While it is not unlawful to charge an exorbitant sum for a relatively simple service, it is unlawful to pass yourself off as the official provider of that service. The Intellectual Property Court was recently faced with a case of just this type in relation to the Intellectual Property Office (“IPO”). Their decision is unlikely to stop the practise altogether but is a welcome step in the right direction.
The defendants, Harri Jonasson, and his company, Intellectual Property Agency Limited (“IPAL”), wrote to various proprietors of patents and trademarks reminding them that the right required renewal and requesting a fee. The minimum fee that IPAL charged for trademark renewals was £1,280 whereas the official fee through the IPO is £200. There were similar mark ups for patent renewals.
The defendants did then try to renew the right although not always successfully as in some cases the right owner had renewed the right already. Through doing this, IPAL made a gross profit of £1.1 million.
The claimants raised an action alleging both passing off and breach of copyright. They raised this against both IPAL and against Harri Jonasson himself, as a joint tortfeasor, and sought an account of profits. The defendants put in an initial defence but did not appear at trial.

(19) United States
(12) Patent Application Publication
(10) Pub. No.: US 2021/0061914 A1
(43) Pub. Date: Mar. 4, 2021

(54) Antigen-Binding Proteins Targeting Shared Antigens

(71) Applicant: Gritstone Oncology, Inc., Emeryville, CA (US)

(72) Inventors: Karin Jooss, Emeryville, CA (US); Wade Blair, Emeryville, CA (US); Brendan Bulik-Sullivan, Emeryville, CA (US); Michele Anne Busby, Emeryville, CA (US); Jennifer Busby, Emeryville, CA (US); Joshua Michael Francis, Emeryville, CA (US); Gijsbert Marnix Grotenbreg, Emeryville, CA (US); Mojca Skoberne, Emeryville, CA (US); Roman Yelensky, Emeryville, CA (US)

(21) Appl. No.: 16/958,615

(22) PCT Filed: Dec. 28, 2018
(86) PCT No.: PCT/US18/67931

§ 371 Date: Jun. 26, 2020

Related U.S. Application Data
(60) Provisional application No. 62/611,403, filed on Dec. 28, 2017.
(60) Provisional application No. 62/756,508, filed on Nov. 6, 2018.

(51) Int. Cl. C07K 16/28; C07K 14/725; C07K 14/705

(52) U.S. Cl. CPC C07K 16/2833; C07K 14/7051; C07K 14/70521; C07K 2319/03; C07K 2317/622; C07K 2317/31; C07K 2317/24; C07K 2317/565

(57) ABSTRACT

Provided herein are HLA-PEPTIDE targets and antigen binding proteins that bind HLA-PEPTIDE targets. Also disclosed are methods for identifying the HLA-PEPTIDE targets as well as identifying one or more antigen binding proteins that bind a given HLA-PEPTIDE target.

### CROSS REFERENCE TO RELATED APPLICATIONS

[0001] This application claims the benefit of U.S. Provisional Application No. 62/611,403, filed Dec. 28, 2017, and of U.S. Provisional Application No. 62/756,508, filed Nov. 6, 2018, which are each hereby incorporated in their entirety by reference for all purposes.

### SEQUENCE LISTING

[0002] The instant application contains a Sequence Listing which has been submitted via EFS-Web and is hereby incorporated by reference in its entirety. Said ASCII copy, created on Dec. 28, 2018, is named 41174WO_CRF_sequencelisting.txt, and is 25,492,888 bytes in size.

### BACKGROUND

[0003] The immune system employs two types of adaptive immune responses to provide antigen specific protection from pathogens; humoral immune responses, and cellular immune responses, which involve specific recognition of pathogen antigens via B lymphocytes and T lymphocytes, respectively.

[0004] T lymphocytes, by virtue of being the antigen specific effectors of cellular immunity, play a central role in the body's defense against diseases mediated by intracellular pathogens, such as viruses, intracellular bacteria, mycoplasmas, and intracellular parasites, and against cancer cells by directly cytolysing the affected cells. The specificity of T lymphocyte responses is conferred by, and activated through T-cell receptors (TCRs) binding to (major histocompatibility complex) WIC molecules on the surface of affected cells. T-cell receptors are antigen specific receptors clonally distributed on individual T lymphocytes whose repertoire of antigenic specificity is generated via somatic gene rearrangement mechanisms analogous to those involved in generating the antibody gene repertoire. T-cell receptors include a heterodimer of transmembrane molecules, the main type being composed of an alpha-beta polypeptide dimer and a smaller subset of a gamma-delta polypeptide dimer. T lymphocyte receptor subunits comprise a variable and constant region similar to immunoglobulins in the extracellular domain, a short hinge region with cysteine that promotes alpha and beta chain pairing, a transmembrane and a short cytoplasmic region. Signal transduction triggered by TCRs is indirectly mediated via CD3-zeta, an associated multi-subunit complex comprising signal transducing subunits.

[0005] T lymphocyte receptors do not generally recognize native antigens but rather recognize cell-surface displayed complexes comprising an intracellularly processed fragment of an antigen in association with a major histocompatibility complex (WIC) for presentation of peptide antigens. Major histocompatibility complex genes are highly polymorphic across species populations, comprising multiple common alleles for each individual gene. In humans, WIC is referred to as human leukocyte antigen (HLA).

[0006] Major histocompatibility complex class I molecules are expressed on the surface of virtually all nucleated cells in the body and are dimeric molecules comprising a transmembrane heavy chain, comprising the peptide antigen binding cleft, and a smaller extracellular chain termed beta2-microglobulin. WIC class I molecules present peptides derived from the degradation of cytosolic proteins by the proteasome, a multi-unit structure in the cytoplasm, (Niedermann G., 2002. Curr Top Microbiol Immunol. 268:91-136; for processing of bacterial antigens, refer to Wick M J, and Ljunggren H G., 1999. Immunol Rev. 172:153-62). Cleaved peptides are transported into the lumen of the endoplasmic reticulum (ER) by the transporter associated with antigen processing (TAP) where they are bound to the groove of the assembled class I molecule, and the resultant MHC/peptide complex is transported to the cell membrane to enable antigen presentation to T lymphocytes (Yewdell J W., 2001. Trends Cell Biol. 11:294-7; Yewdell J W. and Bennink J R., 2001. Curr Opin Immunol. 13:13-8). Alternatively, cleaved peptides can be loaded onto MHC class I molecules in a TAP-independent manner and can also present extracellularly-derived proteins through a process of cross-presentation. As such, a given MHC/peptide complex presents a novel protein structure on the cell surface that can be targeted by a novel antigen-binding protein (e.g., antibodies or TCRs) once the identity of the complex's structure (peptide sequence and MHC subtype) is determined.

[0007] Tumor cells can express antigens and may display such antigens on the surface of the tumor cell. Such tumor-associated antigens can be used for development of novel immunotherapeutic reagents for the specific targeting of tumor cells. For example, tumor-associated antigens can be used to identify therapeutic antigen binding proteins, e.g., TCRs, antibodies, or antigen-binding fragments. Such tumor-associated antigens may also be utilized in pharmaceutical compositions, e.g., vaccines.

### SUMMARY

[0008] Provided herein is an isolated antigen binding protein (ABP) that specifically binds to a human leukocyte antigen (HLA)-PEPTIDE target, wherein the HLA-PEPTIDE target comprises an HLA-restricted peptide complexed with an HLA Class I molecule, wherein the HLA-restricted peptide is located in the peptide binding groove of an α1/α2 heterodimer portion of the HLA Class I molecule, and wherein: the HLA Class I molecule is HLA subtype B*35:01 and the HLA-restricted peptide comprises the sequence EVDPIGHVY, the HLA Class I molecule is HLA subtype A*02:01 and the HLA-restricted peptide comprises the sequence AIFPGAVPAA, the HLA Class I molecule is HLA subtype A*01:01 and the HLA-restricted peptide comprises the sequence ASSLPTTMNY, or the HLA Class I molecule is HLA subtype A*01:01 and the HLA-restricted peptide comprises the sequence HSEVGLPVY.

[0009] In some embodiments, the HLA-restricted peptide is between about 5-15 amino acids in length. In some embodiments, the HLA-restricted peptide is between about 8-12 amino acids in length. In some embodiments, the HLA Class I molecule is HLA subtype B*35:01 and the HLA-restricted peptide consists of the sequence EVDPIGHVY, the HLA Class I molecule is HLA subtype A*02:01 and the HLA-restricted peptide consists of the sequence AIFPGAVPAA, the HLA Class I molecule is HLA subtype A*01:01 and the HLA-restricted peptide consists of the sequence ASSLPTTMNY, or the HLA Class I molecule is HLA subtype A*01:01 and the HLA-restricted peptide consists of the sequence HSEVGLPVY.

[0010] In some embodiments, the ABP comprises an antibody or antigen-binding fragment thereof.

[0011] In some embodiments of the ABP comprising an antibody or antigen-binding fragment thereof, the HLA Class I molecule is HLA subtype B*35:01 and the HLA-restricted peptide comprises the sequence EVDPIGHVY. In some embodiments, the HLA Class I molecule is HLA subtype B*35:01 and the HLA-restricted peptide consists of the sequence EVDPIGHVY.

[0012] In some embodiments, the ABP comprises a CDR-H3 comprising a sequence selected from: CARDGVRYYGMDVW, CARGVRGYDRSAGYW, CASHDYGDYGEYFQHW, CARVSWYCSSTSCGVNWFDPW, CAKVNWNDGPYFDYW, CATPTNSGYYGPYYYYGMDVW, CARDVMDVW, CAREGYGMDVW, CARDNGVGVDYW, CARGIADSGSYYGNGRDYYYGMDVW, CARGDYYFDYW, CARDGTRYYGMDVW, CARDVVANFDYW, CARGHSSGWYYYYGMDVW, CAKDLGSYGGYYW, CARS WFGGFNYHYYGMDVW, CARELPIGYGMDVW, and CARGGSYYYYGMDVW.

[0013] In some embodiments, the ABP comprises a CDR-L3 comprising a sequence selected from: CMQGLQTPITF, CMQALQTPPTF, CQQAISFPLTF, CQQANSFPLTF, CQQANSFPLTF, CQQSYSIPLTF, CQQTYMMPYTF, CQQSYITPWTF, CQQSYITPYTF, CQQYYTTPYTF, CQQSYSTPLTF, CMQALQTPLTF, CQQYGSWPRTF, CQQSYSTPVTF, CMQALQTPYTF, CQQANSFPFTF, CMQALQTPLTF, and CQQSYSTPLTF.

To show passing off, the claimants had to show that the IPO had built up goodwill, that there had been a misrepresentation and that this misrepresentation had caused loss.
While normally goodwill is said to be garnered in a party’s business, in this case the IPO does not carry out business. The court found that as professional associations and charities have been entitled to claim goodwill, government departments and executive agencies are similarly entitled.
The misrepresentation was based on the letters sent by the defendants. While finding that the logo used by IPAL “looks nothing like the logo of the IPO” the court found that “What matters is that the logo and overall presentation of the “Reminder” document suggest in my view a form emanating from an official source” even if those very familiar with the IPO would have been unlikely to have been confused. The court also considered evidence of confusion from recipients of the letters and found that a large proportion of the users of IPAL must have confused it for the IPO.
There was no financial loss to the IPO as it was paid the right fees for the rights that they renewed. However, the court found that the IPO had suffered reputational damage.
The court also found in favour of the Claimant in relation to trade mark infringement. This was based on the visual, aural and conceptual similarities between the sign INTELLECTUAL PROPERTY OFFICE and the defendants’ use of the words INTELLECTUAL PROPERTY AGENCY LTD.
Finally, the court found that, as the sole director and shareholder of IPAL and as the registered owner of the website, Mr Jonasson was the “only individual, who took steps to institute IPAL's acts complained of and that he must therefore have intended that those acts would occur.” He was therefore found jointly liable for IPAL's acts of passing off and trade mark infringement.
The Court awarded the claimants £500,000 under the account of profits claim. This is the maximum permitted in the Intellectual Property Enterprise Court